by Elizabeth Goldsmith (Regular Contributor)
In 1916, Sarah Bernhardt made a tour of the United States. She was probably the most famous actress in the world by this time. But she was 71, and not in good health. In 1915 she had suffered a gangrenous infection after a stage accident which had almost killed her and resulted in the amputation of her left leg. Any other diva would have declared an end to her career after such an episode, but Bernhardt could not bear to abandon the theatre. And her audiences loved her more than ever. The voyage to America was triumphant. In New York she performed her famous cross-dressed role of Napoleon Bonaparte’s son in L’Aiglon, by Edmond Rostand. In Brooklyn she appeared before a crowd of 50,000 to speak in support of Franco-American cooperation in the war effort.
But there had been another reason for her trip. ‘The Divine Sarah’ was fascinated with a fellow artist who was as famous as she, the great magician Harry Houdini.
Houdini’s tricks were so spectacular that spectators found it difficult to believe in their artifice. Although he himself never claimed true magical powers (and in fact throughout his career he exposed magicians who did make such claims), there were many who thought he had occult powers. Arthur Conan Doyle, creator of the eminently rational Sherlock Holmes, was one of those who would persist in this belief long after Houdini’s death. It was an age when it was not unusual to hear of prominent intellectuals and political figures gathering soberly around a seance table.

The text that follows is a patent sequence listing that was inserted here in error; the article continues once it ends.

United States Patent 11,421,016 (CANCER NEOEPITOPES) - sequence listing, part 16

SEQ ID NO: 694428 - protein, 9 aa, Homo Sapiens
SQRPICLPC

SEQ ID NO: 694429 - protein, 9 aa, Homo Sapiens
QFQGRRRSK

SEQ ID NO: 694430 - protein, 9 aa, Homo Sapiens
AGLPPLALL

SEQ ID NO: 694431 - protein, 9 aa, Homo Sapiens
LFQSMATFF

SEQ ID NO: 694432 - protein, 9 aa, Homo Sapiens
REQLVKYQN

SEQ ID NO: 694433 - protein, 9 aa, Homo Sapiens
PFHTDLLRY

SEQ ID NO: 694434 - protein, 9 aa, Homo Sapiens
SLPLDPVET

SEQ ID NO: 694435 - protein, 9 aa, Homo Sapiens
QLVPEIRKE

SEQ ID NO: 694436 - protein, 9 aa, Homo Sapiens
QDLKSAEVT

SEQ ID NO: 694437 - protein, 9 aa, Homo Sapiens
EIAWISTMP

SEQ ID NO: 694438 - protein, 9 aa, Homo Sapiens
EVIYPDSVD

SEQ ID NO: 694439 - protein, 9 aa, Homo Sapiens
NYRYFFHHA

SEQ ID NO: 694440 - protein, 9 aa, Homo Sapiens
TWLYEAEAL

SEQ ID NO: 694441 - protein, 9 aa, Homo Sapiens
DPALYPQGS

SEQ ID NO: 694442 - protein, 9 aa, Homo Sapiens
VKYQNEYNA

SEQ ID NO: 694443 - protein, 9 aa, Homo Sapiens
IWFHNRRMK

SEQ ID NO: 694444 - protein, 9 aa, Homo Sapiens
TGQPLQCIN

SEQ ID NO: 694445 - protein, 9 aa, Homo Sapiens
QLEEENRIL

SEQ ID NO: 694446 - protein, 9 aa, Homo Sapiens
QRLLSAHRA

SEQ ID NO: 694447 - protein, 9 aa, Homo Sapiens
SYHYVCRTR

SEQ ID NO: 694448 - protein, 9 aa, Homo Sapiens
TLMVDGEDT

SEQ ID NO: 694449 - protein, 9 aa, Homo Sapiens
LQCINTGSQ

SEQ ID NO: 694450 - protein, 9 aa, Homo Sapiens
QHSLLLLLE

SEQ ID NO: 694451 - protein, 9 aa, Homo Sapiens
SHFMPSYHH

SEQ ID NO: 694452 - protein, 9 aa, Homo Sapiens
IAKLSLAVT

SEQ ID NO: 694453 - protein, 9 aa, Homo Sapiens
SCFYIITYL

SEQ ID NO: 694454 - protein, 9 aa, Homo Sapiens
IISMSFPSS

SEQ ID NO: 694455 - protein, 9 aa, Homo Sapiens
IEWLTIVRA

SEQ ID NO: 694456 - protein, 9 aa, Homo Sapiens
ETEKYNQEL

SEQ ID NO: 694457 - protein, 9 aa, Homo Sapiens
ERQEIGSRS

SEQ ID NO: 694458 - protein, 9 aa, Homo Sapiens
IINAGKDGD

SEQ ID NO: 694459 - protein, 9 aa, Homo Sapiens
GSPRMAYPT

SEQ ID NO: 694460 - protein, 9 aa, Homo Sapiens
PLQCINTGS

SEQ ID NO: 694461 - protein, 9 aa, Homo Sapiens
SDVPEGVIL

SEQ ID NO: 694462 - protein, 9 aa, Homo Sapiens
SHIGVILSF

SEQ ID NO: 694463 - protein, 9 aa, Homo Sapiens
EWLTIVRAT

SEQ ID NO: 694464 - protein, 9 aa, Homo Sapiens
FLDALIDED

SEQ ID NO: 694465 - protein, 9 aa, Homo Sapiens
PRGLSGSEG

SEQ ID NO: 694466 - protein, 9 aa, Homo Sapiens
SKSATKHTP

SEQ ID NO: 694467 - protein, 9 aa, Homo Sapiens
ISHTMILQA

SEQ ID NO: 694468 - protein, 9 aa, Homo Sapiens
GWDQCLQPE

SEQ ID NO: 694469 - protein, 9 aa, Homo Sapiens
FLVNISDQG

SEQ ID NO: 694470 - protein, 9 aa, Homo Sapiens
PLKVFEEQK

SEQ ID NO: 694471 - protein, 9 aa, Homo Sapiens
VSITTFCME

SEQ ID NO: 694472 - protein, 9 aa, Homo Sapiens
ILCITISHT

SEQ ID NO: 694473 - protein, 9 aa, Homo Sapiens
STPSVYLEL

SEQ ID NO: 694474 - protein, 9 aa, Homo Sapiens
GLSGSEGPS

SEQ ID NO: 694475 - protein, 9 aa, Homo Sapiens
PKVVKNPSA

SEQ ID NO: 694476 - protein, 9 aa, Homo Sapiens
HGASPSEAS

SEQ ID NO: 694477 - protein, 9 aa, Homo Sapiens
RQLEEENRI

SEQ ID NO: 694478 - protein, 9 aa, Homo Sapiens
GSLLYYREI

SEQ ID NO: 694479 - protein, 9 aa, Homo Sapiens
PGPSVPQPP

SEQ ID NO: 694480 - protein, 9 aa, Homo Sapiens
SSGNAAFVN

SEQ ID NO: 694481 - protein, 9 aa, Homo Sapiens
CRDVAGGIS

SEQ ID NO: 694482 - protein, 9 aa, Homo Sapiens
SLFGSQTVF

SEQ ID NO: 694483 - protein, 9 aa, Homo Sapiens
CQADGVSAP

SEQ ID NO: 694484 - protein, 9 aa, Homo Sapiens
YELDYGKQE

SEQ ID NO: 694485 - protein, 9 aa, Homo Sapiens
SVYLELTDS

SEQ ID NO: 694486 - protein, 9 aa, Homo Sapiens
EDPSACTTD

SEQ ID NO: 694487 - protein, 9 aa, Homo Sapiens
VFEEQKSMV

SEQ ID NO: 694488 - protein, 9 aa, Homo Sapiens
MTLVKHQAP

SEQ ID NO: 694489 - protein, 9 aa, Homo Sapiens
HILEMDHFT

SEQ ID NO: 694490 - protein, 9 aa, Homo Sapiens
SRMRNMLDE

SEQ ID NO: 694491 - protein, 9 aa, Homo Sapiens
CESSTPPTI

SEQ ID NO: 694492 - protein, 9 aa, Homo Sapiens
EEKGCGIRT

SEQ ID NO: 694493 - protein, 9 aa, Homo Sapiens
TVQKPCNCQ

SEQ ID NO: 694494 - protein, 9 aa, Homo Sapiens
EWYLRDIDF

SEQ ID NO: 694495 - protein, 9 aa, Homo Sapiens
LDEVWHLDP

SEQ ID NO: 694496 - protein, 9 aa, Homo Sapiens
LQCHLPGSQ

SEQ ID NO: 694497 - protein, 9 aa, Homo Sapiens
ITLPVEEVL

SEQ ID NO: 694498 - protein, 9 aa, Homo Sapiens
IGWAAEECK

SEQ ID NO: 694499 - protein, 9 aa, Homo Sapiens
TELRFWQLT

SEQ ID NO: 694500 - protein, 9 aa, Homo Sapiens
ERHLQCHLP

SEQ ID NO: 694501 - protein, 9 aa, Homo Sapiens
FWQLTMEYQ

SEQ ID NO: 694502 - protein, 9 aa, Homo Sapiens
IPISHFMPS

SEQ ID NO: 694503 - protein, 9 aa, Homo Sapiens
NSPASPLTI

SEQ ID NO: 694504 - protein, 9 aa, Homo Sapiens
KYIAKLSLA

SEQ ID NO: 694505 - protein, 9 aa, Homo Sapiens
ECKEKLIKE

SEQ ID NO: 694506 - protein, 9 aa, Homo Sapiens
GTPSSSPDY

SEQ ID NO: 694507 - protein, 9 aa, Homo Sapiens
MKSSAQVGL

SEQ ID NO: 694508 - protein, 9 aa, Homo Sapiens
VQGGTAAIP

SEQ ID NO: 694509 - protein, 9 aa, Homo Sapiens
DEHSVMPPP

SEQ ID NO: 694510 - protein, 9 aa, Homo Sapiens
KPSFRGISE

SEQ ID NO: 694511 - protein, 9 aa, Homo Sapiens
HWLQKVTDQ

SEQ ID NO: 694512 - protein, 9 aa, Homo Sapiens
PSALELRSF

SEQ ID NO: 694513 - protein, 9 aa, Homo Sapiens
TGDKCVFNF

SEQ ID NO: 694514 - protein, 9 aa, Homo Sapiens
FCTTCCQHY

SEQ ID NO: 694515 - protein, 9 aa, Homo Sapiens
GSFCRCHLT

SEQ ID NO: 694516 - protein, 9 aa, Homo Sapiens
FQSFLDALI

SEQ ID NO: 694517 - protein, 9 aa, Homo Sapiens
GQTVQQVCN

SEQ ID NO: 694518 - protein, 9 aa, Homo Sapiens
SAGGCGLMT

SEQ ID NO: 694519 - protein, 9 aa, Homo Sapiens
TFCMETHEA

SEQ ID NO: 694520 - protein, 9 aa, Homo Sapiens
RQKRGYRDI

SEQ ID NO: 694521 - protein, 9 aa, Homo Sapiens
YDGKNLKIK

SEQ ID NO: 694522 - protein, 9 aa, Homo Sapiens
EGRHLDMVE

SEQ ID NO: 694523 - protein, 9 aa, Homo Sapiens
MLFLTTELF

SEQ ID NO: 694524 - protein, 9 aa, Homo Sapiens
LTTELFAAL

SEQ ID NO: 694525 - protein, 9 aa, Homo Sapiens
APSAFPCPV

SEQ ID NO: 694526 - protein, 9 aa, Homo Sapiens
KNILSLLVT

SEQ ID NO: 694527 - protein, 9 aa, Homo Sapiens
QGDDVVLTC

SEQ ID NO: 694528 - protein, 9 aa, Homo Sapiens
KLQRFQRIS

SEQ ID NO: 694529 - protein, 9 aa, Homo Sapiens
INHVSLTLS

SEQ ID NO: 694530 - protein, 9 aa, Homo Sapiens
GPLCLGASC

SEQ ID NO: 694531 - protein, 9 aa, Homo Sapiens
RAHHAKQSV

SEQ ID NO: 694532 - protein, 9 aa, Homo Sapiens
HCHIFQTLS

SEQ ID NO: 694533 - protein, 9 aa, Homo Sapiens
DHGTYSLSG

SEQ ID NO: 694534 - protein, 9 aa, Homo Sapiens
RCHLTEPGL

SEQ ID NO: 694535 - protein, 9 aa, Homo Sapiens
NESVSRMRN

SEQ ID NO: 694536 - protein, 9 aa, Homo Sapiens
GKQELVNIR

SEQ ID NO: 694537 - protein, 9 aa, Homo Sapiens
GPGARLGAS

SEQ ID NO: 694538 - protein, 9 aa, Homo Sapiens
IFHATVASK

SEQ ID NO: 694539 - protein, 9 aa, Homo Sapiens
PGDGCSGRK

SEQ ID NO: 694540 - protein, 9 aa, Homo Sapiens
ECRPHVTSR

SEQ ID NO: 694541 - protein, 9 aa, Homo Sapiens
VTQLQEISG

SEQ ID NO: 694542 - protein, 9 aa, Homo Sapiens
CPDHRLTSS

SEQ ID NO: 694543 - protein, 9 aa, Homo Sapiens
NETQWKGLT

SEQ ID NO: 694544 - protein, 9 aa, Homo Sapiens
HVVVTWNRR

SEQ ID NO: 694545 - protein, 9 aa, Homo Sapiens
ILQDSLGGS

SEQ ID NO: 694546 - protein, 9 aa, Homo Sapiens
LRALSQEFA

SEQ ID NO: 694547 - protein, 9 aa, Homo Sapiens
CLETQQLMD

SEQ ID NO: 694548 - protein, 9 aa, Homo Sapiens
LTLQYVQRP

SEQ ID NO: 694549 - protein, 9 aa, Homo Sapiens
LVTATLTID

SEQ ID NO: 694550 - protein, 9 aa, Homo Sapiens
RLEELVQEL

Bernhardt was given to such beliefs. While on her American tour, she attended some of Houdini’s outdoor escape performances in Boston and New York. The experience confirmed her faith in his special powers. As for Houdini, he was flattered that the great actress admired him and he readily accepted her return invitation to watch her on stage, with a private meeting to follow.
But her conversation took him by surprise. Looking at him earnestly, she asked if he would consider applying his magic to the task of regenerating her lost leg. “She honestly thought I was superhuman,” he would later report to a journalist.
One of the most poignant photographs of Sarah Bernhardt is a snapshot that was taken immediately following her interview with the great illusionist. Houdini is in profile, standing outside the car just after saying goodbye to the actress. Through the window we see Bernhardt’s face looking at him intently, wearing an expression of profound sadness.
Photo of Houdini and Bernhardt courtesy of the Harry Ransom Center, Austin TX